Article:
Even among student-athletes, cross-country runners are a rare breed – and not just because they enjoy running.
They are also the only athletes who compete year-round, first with the cross country team in the fall, then with the indoor and outdoor track squads for winter and spring.
It’s taxing, but Louisiana Tech student-athlete Brianna Hood is used to that.
A 2019 Conference USA All-Academic honoree, three-time C-USA Commissioner’s Honor Roll member and three-time C-USA Academic Medalist, Hood could get her schoolwork done pretty much anywhere until COVID-19 created the new challenge of spending what would have been her final cross country season back at home.
“At first it was honestly kind of hard. I just take it day-by-day and try to not stress myself out. It’s a lot of self-discipline,” said Hood, recipient of the C-USA Spirit of Service Award last fall. “Every time I would have normally been in class, I try to work on that classwork. That has really helped me be on top of my schoolwork without spending my whole day on school either.”
Initially, Hood said the announcements about online classes caused some stress, especially with the Biology major’s labs. Microbiology labs required special adjustments. They are typically hands-on, but Hood is now more than 160 miles away at her family’s home in Bryant, Arkansas.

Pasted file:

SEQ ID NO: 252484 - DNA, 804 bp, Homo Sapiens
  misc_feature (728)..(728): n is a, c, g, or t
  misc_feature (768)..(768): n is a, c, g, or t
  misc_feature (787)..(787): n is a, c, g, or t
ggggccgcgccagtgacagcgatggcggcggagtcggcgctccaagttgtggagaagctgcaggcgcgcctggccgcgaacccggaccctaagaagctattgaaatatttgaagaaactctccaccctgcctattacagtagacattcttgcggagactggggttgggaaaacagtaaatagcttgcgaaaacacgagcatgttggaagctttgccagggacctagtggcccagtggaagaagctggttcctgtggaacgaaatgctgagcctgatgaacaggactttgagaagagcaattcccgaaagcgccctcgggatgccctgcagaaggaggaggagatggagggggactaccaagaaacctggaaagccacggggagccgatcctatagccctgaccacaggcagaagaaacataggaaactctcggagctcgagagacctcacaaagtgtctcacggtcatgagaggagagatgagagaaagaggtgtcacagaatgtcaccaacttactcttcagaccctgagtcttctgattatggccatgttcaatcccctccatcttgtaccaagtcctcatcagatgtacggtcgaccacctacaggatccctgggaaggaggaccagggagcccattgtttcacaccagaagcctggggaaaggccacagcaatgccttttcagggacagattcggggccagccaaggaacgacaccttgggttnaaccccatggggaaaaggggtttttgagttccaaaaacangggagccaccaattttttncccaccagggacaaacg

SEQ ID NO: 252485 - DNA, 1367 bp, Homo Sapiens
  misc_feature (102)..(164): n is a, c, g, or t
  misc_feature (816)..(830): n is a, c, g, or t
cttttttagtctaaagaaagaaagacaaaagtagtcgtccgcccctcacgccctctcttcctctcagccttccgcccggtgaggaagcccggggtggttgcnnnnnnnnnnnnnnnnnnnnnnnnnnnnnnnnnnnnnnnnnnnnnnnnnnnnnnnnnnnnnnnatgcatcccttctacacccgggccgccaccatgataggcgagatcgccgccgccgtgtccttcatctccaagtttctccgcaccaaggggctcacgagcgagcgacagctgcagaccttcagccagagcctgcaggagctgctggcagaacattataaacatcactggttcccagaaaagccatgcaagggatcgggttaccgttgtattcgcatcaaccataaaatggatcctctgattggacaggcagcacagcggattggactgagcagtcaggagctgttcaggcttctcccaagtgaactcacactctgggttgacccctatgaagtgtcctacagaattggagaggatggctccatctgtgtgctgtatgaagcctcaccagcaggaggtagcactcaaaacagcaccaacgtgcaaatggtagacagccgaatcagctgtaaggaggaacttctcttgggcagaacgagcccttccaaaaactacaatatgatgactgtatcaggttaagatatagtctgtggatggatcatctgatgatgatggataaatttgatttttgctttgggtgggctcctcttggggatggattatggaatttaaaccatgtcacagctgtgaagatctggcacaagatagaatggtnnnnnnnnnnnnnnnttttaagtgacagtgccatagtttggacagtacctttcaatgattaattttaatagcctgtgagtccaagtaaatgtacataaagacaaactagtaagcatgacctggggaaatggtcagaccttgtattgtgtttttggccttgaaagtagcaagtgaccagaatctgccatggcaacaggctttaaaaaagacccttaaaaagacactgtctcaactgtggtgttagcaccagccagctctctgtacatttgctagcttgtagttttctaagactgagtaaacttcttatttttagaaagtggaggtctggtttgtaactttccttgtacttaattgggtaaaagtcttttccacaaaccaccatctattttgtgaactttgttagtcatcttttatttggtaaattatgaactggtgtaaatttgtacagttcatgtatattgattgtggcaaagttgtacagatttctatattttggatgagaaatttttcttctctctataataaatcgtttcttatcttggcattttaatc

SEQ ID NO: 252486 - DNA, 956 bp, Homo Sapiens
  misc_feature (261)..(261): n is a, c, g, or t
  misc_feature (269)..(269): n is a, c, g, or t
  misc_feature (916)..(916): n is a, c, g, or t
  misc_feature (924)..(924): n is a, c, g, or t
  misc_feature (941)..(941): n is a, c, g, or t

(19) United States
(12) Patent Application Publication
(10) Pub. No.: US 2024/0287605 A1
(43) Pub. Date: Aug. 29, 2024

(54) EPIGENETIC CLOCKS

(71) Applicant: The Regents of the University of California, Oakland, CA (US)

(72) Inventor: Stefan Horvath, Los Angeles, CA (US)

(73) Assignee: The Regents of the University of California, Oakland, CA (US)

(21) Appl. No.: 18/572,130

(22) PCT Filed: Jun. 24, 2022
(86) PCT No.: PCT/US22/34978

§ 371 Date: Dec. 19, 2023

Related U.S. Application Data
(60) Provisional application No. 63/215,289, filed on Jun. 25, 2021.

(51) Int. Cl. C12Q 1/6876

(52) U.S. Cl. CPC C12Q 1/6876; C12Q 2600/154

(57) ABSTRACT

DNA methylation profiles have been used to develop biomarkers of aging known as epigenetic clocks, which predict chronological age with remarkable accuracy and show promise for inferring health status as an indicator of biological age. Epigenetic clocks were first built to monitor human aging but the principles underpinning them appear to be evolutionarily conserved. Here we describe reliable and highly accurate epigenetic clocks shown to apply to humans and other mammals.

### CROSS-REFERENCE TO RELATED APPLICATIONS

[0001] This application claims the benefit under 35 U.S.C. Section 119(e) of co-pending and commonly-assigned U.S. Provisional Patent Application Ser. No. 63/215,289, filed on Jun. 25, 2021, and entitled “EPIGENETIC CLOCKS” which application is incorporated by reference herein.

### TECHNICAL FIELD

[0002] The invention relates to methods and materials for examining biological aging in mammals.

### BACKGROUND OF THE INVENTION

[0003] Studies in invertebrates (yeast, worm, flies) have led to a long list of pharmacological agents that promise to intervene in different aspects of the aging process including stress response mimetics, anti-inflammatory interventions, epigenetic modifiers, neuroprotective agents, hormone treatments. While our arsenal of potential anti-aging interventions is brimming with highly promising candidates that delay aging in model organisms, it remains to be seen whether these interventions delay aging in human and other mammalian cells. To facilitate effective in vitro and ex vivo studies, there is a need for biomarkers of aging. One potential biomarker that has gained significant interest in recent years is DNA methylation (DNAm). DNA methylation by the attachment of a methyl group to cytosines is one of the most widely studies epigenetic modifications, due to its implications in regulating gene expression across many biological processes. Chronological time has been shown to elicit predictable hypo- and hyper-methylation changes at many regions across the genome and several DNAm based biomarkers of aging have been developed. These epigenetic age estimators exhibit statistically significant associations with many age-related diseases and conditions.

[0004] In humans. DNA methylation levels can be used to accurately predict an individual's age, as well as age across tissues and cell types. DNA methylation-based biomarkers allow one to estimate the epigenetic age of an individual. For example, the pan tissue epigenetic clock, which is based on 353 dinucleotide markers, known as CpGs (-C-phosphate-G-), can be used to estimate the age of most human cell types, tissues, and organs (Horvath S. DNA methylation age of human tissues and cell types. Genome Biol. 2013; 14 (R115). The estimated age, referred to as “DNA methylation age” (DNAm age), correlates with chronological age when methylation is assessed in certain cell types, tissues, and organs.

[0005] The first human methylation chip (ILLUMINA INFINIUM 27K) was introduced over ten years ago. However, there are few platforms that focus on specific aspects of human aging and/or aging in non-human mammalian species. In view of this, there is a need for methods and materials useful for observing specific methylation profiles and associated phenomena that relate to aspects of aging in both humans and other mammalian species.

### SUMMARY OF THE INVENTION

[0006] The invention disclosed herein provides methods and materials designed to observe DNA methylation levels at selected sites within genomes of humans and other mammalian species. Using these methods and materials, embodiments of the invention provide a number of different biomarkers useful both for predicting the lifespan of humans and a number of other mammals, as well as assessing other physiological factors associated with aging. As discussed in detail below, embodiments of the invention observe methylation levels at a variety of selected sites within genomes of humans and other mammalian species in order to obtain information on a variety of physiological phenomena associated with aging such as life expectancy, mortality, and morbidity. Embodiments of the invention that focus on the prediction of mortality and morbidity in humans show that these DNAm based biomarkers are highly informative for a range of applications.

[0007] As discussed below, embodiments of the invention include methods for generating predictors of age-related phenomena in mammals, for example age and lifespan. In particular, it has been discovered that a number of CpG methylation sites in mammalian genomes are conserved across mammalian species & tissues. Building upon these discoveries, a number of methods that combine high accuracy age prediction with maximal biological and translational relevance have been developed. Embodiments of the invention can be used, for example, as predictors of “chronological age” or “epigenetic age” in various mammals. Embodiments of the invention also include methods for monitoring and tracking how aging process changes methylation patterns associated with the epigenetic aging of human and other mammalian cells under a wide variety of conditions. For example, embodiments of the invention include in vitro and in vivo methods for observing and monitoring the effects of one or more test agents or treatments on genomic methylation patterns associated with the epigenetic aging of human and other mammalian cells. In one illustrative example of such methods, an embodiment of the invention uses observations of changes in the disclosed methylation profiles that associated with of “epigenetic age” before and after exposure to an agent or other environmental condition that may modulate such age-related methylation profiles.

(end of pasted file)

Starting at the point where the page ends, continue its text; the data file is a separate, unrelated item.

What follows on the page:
“We were expecting to be in our lab two times a week, and now we’re using worksheets or getting pictures of results. It was definitely difficult to get used to,” she said.
Students and professors adjusted, however, and made it work as well as they could. Hood said her assignments and lectures have focused on the more practical features of finding work in the field and being successful once students are employed.
“I feel like there’s an understanding between teachers and students that this is new for everybody. It’s been a big adjustment for our professors as well,” she said. “We’re doing a lot of assignments right now that will really help us in the real world. In Industrial Chemistry, we’re writing standard operating procedures, which is what we would do in the industry. We had initially planned to do a bunch of labs, but now our instructor is really hitting really hard on our resumes and LinkedIn pages.”
And then there’s the matter of Hood’s final season, which was cut short by COVID-19.
“It was honestly really hard. It was disappointing and heartbreaking and every other emotion you could think of all in one,” she said. “I’m happy I got to compete the years I did, but I was really looking forward to this season because I had actually grown a lot as a runner. It’s just hard to feel like it was all taken away from you.”
If there’s a silver lining hidden in the situation, it’s that Hood’s sister – a track athlete at Ole Miss who lost her senior season as well – knows the feeling.
The sisters have been able to support one another at home. They run together nearly every day and Hood says her routine will continue, even if she’s not able to run with her Lady Techster teammates. “Competing is over,” she said, “but we can continue doing what we love.”